Deputy Police Chief Defends Handling of Toddler Sexual Assault Case
By The Irrawaddy 5 July 2019
YANGON—Myanmar’s deputy police chief said the suspect in a a toddler rape case at a private Naypyitaw nursery school was detained and is being prosecuted based on relevant evidence, including the victim’s account.
Police rearrested Aung Kyaw Myo, a.k.a. Aung Gyi, 29, on Wednesday and charged him for the rape case at a district court in Naypyitaw on Thursday. The move followed his release late last month by a court after a Criminal Investigation Department interrogation relating to the case failed to find strong evidence against him. A test showed that DNA evidence obtained during the evidence did not match Aung Gyi.
He was charged under Article 376 of the Penal Code. If found guilty, Aung Gyi faces a maximum life sentence.
“Police have made an investigation and opened a case. He was remanded in custody. We will start an investigation,” Dekkhinathiri District Court Information Officer U Nyo Htay told the media.
The girl, who was 2 years and 11 months old at the time, is alleged to have been sexually assaulted at the Wisdom Hill private school in Naypyitaw’s Zabuthiri Township on May 16. Her mother opened a complaint with police the following day.
At a press briefing on Friday, Deputy Police Chief Major-General Aung Naing Thu said that when the school’s CCTV footage of Aung Gyi was shown to her, the girl identified him as her abuser. He was employed as the driver of the school supervisor.
“According to the footage, he was the only male who entered the nursery school on the day of the crime,” the deputy police chief said.
He added that a test found semen on the underwear of Aung Gyi as well.
“Based on the evidence we have found, we have charged him,” the officer said.
The father of the victim told The Irrawaddy that while at the police station, he watched the CCTV footage from the nursery for the entire night. He said he saw a male entering the school building at 3.12 p.m. and leaving at 3.38 p.m. on May 18.
He said his daughter had pointed to someone on the CCTV footage and indicated the man as being the one who had touched her private parts.
“We have presented the video record [to the police]. But, I don’t think [police] will arrest him on that evidence alone. I think we need to find stronger evidence,” he told The Irrawaddy.
Within hours of Aung Gyi’s being charged on Thursday, masses of Facebook users reacted angrily, expressing serious doubt as to the police’s conclusion.
They questioned the reason for re-arresting the suspect after he had been released by a court, while others doubted the survival chances of a less than 3-year-old victim who had been sexually assaulted by a 29-year-old man. Some wondered if he was a scapegoat.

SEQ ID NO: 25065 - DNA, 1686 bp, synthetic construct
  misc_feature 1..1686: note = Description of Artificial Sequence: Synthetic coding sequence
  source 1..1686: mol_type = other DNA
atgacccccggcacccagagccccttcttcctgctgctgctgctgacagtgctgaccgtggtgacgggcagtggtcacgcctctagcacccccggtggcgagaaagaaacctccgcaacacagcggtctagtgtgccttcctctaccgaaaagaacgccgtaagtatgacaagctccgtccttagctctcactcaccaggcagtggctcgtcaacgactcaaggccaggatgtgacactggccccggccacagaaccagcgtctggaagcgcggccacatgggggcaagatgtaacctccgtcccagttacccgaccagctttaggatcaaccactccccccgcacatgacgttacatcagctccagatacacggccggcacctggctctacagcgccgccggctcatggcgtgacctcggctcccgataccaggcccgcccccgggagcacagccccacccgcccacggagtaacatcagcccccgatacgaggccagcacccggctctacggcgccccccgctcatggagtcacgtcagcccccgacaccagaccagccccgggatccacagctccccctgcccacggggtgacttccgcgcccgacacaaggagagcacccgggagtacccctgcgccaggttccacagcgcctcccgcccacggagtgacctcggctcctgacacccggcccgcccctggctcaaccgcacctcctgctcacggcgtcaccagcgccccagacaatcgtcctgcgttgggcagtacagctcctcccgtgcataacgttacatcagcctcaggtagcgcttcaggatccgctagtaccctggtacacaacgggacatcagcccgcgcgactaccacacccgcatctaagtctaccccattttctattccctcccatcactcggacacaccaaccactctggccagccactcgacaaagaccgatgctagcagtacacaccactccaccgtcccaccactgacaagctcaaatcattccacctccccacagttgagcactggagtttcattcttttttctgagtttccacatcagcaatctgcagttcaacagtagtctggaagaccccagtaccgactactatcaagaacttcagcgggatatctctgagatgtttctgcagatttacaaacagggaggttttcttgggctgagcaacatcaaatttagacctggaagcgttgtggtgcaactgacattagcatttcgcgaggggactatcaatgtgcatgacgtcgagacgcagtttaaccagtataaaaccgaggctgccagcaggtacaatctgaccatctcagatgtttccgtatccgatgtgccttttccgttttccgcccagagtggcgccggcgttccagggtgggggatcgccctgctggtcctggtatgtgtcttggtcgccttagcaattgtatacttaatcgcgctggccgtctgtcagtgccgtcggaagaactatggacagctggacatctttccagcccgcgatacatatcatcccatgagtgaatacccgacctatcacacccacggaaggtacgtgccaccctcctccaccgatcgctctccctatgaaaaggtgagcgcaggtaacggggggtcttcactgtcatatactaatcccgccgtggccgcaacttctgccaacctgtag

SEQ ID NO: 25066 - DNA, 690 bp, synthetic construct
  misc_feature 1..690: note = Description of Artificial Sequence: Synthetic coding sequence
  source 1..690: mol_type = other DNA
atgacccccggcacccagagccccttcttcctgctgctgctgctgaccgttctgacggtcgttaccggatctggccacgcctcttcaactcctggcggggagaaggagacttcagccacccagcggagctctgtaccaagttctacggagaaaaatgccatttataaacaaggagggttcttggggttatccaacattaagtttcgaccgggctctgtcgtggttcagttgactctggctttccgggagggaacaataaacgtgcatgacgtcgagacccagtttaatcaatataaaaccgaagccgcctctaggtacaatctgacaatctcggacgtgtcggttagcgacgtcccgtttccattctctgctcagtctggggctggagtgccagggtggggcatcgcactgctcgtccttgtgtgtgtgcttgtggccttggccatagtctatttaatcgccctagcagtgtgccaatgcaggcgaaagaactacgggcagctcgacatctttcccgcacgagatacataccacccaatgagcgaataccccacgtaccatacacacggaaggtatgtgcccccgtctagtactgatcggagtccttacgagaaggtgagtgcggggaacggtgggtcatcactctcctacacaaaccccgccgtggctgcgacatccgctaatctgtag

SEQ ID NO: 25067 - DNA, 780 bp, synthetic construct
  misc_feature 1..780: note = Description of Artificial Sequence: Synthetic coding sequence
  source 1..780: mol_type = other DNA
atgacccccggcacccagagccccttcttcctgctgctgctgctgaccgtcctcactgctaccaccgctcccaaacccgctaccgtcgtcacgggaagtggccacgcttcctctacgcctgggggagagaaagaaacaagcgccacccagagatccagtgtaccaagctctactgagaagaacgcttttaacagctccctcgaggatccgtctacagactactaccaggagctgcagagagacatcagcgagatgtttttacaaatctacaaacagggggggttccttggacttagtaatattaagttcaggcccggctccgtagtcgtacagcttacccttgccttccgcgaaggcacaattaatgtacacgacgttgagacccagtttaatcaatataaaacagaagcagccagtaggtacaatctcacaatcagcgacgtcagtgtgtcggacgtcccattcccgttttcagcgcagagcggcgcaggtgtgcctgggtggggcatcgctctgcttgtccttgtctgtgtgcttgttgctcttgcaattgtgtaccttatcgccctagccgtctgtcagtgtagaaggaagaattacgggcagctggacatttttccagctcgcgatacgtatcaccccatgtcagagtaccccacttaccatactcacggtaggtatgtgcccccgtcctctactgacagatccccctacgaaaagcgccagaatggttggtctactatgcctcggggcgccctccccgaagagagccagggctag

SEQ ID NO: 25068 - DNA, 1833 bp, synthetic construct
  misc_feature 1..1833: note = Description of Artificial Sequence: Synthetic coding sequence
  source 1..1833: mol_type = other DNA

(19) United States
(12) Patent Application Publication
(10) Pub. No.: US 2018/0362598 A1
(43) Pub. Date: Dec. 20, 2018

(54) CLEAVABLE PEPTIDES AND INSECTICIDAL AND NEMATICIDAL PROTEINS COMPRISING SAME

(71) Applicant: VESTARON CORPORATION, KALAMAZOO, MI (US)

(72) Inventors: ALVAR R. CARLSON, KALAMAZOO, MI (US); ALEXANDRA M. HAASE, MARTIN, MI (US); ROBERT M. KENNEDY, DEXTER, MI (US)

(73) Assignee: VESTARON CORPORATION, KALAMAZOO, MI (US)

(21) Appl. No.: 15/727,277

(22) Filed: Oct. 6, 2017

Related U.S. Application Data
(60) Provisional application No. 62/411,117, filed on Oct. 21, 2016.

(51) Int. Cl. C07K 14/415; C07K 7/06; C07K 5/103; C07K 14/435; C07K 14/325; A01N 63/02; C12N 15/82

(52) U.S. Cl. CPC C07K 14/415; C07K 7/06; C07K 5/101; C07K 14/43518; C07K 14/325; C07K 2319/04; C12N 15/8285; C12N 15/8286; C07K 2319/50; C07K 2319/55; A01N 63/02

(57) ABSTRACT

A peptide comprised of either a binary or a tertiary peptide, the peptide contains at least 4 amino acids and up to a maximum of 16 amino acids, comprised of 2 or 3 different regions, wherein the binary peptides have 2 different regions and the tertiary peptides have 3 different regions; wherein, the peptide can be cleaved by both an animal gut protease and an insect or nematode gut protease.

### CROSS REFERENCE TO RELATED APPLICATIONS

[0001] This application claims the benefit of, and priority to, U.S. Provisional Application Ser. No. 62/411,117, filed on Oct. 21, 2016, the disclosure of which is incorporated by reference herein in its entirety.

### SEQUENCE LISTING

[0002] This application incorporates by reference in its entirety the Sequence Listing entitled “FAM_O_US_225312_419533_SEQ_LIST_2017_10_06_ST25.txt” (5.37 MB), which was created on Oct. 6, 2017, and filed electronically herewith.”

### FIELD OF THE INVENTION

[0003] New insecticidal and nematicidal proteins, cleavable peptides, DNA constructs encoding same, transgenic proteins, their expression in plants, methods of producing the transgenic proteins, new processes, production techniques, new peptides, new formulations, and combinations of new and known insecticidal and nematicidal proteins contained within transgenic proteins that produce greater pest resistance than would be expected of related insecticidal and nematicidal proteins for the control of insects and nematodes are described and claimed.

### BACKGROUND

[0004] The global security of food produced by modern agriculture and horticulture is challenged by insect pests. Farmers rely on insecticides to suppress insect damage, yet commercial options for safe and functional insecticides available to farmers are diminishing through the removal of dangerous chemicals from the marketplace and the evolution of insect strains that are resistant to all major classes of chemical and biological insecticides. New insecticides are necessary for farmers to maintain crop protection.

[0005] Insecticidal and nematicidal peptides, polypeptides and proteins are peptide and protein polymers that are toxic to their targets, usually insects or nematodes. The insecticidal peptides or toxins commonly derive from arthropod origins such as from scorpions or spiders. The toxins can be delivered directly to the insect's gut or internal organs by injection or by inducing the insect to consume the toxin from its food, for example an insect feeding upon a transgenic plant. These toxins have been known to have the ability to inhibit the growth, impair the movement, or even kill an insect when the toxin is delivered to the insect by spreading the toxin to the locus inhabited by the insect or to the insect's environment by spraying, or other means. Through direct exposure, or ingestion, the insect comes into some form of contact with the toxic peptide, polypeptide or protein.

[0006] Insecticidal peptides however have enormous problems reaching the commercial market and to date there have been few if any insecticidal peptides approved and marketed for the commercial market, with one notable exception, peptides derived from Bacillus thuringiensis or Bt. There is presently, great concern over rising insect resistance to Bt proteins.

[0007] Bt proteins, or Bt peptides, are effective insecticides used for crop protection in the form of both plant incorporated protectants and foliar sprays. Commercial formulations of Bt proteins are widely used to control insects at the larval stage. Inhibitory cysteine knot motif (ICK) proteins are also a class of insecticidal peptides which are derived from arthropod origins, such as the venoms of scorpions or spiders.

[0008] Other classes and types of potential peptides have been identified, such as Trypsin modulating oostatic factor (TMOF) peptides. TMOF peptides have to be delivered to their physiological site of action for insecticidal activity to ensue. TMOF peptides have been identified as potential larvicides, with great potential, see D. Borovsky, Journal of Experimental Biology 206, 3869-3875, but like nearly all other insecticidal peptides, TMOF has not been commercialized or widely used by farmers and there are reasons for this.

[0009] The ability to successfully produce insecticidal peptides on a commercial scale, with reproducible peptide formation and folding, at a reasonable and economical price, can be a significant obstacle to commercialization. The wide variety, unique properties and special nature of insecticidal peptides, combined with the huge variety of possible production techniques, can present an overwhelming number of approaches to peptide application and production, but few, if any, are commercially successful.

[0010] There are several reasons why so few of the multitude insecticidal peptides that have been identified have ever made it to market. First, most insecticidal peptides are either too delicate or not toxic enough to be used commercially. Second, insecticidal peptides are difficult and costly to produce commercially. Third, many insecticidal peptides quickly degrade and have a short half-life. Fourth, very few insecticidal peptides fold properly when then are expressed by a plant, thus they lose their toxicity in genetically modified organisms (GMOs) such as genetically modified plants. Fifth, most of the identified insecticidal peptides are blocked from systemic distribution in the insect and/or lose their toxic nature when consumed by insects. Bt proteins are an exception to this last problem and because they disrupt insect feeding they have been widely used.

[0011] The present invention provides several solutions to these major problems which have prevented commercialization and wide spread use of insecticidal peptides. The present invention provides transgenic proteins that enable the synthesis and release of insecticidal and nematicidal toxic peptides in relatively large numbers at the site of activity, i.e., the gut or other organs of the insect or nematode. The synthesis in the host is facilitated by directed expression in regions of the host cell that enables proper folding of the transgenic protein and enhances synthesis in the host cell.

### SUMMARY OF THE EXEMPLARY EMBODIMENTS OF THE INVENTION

Daw Yi, the mother of the accused, told The Irrawaddy that her son was innocent.
“The judge read out [on June 24] that the DNA test didn’t match. He was not found guilty. That’s why he’s set free,” she said, citing the court’s decision.
“Now he is arrested again. He said he didn’t do anything wrong,” she said.
However, Maj-Gen Aung Naing Thu said on Friday that Aung Gyi’s release was simply due to the fact that not enough evidence had been collected at that time.
The public and the media became aware of the case when a Facebook post about the assault went online a few days after it occurred. By the end of May, masses of Facebook users had begun changing their profile pictures to a “Justice for Victoria” image and urging police to investigate. (Victoria is not the girl’s name; it is a female name being used to represent the campaign.) Major celebrities and public figures from across Myanmar have since joined in. The “Justice for Victoria” message has broadened into a wider call for an end to all sexual violence, especially against children.
U Zaw Htay, the President’s Office spokesperson, said at a Friday press briefing that both President U Win Myint and State Counselor Daw Aung San Suu Kyi had been following the case from the start.
“We have told the Police Force and the Ministry of Home Affairs to bring the offender to justice as soon as possible,” he said.
He added that Wisdom Hill, the nursery school where the sexual assault happened, will be shut down as it was found to be operating without official permission.
“Justice for Victoria” rallies have been organized for this weekend in Yangon and other parts of the country to raise public awareness on the issue and call for justice for the girl.
The Irrawaddy reporter Htet Naing Zaw contributed to this story from Naypyitaw.
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